When it comes to project management, success metrics can vary significantly. Of course, the viability of a project relies on its ability to meet predefined requirements without overspending or failing to meet deadlines. But success also depends on client satisfaction, lessons learned, team feedback, and several other factors, even with traditional management methods.

So why is it supposedly any more difficult to measure success in Agile projects? The easy answer is this: style. Agile frameworks tend to set goals more iteratively and flexibly while also giving teams more autonomy and freedom from management oversight. This creates an environment of adaptability that, when utilized correctly, can produce working, value-producing results far more quickly. At the same time, teams responding to client feedback can amend targets over the course of a project to arrive at the most lucrative endpoint possible. 

Unfortunately, this flexibility also has its drawbacks. The relative lack of managerial oversight within Agile teams can raise red flags on particularly crucial projects, especially within strategic change programs. Agile teams can also run the risk of losing sight of strategic goals when shifting short-term targets. 

Agile Project Management (AgilePM)’ is a highly popular framework created by APMG International and the Agile Business Consortium. Combining the pillars of Agile with a solid governance system, AgilePM enables managers to enjoy the benefits of the approach with a more reassuring level of transparency and strategic direction.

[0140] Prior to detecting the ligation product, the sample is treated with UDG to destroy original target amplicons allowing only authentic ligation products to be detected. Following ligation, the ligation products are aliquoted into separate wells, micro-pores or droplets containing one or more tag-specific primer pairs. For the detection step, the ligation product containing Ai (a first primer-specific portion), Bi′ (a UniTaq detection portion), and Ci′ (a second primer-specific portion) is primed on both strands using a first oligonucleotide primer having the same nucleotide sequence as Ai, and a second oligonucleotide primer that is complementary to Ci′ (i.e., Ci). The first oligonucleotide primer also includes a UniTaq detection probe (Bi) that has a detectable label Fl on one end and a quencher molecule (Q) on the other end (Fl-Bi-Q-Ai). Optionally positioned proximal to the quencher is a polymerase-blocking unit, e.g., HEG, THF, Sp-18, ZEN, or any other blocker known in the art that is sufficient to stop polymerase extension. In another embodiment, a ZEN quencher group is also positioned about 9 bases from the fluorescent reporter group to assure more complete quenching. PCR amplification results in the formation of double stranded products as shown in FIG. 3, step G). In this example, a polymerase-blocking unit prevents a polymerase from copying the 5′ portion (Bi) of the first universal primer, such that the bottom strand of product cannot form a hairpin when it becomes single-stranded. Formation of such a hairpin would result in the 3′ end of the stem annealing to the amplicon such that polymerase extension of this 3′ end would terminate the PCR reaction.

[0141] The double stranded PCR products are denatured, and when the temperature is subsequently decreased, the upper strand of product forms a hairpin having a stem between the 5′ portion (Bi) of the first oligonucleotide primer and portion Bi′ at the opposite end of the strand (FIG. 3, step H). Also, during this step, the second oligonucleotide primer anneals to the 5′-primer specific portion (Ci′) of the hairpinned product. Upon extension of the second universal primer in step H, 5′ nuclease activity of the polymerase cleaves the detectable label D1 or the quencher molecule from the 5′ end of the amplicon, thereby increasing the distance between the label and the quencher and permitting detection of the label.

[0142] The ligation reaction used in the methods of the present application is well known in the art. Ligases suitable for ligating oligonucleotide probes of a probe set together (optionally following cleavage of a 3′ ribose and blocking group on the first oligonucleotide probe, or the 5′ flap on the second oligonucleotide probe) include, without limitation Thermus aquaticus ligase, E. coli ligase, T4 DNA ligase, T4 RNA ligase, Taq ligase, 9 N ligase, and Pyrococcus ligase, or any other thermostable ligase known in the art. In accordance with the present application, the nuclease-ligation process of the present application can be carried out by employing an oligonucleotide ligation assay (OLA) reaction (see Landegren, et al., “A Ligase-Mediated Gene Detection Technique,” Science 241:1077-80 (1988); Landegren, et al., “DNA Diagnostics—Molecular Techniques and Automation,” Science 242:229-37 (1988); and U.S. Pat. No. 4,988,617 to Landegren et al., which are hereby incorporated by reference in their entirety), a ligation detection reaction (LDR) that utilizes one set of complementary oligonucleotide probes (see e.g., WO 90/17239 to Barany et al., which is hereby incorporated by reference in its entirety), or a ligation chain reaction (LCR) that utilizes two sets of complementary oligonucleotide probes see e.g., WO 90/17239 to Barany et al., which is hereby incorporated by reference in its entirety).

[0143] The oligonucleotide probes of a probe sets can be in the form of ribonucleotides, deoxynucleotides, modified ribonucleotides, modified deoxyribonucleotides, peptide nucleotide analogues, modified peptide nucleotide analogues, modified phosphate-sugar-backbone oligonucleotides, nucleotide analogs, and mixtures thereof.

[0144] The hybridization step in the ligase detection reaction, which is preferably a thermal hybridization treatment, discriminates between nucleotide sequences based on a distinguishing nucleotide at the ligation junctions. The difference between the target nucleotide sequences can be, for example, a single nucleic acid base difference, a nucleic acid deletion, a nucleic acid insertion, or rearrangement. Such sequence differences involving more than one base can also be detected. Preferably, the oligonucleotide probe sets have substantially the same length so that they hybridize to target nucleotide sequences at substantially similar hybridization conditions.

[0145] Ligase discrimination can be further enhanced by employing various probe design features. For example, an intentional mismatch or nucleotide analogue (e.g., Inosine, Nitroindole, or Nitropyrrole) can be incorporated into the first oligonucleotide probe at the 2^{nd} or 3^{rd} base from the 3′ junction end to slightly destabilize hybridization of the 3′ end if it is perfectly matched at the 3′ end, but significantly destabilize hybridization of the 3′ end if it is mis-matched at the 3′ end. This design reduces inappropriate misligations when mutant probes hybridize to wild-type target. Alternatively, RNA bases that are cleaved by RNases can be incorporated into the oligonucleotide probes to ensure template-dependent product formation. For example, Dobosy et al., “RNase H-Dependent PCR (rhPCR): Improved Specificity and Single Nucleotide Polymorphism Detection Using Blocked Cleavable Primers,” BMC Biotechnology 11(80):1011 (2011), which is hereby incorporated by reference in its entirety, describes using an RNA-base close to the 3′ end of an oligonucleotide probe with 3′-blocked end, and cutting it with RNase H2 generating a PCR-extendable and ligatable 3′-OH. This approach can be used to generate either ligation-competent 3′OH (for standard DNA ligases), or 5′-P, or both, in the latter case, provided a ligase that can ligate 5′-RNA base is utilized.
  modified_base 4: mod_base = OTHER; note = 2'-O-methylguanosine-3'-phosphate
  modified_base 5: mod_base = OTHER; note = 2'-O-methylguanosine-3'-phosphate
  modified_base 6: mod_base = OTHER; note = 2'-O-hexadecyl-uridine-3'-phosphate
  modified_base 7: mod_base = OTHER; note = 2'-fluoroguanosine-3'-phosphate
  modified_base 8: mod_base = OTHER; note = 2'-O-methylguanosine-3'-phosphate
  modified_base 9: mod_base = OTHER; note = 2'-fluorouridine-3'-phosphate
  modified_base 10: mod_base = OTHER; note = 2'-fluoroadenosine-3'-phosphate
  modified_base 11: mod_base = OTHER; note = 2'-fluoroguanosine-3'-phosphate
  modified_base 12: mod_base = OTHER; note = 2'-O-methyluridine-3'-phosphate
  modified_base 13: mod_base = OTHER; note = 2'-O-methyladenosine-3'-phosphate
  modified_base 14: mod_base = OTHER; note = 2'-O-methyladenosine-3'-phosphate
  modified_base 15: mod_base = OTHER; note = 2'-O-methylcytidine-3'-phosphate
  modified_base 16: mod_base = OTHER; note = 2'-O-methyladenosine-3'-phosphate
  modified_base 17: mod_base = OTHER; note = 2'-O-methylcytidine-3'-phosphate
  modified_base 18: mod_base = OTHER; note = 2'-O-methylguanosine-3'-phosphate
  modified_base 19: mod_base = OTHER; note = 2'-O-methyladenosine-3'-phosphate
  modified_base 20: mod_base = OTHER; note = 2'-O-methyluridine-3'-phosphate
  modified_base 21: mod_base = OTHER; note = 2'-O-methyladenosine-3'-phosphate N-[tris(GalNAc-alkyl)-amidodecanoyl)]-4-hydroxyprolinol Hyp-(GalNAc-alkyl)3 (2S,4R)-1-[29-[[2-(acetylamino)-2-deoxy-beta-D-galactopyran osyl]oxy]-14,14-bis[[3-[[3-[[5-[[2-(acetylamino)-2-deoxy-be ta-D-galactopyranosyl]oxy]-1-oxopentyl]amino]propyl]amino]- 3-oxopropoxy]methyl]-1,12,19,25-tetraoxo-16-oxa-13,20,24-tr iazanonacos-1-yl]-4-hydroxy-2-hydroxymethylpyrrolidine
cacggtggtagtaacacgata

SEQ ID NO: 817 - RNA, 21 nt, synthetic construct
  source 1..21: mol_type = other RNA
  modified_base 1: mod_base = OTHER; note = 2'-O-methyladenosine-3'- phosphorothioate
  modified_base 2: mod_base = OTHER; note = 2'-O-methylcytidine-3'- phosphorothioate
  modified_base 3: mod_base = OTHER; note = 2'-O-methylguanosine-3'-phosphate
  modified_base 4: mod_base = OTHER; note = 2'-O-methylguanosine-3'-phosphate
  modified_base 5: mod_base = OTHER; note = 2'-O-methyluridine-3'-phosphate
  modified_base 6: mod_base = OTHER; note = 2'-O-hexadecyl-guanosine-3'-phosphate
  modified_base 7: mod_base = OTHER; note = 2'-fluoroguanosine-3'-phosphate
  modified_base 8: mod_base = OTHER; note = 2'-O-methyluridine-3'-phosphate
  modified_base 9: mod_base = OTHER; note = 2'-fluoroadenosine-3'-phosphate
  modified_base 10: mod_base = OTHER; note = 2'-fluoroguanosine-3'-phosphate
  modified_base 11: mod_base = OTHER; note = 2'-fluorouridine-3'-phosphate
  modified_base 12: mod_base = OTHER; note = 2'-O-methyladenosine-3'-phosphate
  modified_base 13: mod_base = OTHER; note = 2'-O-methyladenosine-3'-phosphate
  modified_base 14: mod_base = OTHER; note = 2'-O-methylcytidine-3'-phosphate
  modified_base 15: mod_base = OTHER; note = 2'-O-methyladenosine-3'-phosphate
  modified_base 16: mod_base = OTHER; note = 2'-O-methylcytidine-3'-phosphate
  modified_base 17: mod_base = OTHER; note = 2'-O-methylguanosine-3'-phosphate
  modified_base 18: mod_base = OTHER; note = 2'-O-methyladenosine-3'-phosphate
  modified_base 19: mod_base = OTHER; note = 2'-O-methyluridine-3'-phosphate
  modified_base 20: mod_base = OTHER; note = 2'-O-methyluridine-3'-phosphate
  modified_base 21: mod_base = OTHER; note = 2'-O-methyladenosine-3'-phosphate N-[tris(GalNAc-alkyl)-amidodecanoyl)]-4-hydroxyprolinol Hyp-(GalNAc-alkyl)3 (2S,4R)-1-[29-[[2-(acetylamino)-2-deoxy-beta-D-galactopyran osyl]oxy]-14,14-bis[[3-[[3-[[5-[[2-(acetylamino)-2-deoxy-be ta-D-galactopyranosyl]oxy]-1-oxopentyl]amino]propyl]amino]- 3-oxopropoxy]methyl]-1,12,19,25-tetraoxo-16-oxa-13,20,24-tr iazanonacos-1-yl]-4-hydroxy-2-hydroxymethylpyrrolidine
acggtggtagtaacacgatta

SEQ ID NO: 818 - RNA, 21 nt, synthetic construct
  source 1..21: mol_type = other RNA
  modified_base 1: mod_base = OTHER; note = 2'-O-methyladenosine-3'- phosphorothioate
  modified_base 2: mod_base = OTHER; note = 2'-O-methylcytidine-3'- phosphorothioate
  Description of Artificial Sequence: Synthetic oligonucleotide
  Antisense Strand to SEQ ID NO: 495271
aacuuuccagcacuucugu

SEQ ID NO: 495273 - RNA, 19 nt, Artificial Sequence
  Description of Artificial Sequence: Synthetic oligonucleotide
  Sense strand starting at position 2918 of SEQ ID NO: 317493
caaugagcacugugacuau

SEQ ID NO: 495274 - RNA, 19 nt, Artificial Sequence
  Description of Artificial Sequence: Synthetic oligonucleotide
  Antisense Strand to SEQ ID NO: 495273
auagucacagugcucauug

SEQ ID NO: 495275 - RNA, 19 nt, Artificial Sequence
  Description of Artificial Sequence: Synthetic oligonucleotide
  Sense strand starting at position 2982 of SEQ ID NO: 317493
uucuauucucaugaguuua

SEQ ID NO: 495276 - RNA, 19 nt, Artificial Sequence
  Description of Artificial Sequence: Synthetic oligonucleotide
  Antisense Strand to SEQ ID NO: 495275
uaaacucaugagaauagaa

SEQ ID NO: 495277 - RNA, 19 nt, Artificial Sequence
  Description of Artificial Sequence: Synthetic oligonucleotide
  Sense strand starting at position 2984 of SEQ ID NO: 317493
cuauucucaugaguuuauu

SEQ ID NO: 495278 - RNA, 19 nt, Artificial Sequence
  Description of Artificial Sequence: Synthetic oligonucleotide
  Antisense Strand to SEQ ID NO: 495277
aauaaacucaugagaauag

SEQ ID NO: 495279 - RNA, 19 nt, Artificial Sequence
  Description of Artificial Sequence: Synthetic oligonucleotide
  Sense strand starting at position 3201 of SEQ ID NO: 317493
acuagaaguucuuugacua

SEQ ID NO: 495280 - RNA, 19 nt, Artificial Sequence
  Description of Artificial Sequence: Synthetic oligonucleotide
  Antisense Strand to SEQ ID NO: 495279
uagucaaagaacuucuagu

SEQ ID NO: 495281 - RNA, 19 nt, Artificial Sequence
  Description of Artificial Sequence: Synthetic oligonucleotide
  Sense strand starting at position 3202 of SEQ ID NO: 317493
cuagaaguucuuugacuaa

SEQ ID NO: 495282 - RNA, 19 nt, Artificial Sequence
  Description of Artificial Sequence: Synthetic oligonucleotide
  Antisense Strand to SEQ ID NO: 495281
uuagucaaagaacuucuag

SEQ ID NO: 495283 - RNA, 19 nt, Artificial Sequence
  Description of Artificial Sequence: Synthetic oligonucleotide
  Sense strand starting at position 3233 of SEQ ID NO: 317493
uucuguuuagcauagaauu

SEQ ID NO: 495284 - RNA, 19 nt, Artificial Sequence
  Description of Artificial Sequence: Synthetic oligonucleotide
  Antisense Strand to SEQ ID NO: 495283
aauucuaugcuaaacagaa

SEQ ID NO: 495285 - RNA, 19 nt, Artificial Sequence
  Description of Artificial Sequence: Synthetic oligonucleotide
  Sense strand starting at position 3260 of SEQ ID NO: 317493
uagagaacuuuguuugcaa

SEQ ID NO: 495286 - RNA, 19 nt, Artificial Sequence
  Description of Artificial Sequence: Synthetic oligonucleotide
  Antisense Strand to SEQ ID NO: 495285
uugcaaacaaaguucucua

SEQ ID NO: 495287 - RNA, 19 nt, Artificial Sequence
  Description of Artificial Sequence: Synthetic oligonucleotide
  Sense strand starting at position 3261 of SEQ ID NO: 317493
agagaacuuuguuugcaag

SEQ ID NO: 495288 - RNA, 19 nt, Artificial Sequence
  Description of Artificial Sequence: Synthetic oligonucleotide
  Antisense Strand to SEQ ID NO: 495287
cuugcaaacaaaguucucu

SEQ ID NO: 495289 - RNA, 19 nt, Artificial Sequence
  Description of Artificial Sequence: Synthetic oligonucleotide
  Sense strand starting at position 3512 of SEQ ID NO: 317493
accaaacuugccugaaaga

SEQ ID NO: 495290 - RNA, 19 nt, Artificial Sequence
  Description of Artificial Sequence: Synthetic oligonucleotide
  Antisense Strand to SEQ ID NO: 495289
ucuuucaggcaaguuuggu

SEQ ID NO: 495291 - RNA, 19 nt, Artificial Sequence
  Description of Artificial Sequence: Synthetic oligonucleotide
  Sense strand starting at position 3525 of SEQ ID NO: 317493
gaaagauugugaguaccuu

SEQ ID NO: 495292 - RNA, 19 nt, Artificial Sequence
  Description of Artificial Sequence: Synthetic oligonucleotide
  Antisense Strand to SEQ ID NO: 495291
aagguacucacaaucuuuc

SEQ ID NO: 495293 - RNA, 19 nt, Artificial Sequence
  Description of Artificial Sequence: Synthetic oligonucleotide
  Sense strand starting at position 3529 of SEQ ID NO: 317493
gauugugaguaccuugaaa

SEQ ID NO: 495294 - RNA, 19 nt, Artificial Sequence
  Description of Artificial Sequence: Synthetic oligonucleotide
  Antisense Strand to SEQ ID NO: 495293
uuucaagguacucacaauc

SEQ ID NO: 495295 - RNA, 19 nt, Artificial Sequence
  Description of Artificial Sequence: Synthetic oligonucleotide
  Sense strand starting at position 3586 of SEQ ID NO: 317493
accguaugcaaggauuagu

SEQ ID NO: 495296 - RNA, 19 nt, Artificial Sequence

With this in mind, how exactly do AgilePM practitioners measure success? What are the signs of successful utilization of the framework? Let’s take a look at some of the most important AgilePM metrics.

Client Value

Agile is flexible and adaptive by nature. Within an Agile project, targets are altered to focus on delivering maximum benefits to clients, even as circumstances and priorities change.

A successful AgilePM project will deliver value as defined by clients, with frequent testing and feedback helping to update this definition on a regular basis. Because of this, the end results of a project can differ significantly from targets established early on.

However, this also brings us to a potential drawback of AgilePM, which is why a successful practitioner will prioritize…

Business Value

Most companies don’t take on projects out of kindness alone. Ultimately, the rule for gauging the value of any project is how much it will contribute in terms of the organization’s own definition of value. This should be outlined in the ‘Agile Business Case’ and will remain a consistent factor throughout.

For a project to be successful, it must remain aligned with strategic priorities. This applies not only to targets but also expenditure and, of course, value generation. While elements like client feedback will still be important, they should not be pursued at the expense of a company’s own interests.

Simply ask yourself, “As an AgilePM practitioner, who am I creating value for?”

Goals and Productivity

Agile projects are made up of several short-term goals, each based on an assessment of requirements and client feedback. Because of this, an AgilePM practitioner can judge the success of a project based on how quickly and effectively goals are being met. While Agile teams cannot lose sight of a project’s ultimate goals, longevity ultimately depends on the success of short-term initiatives.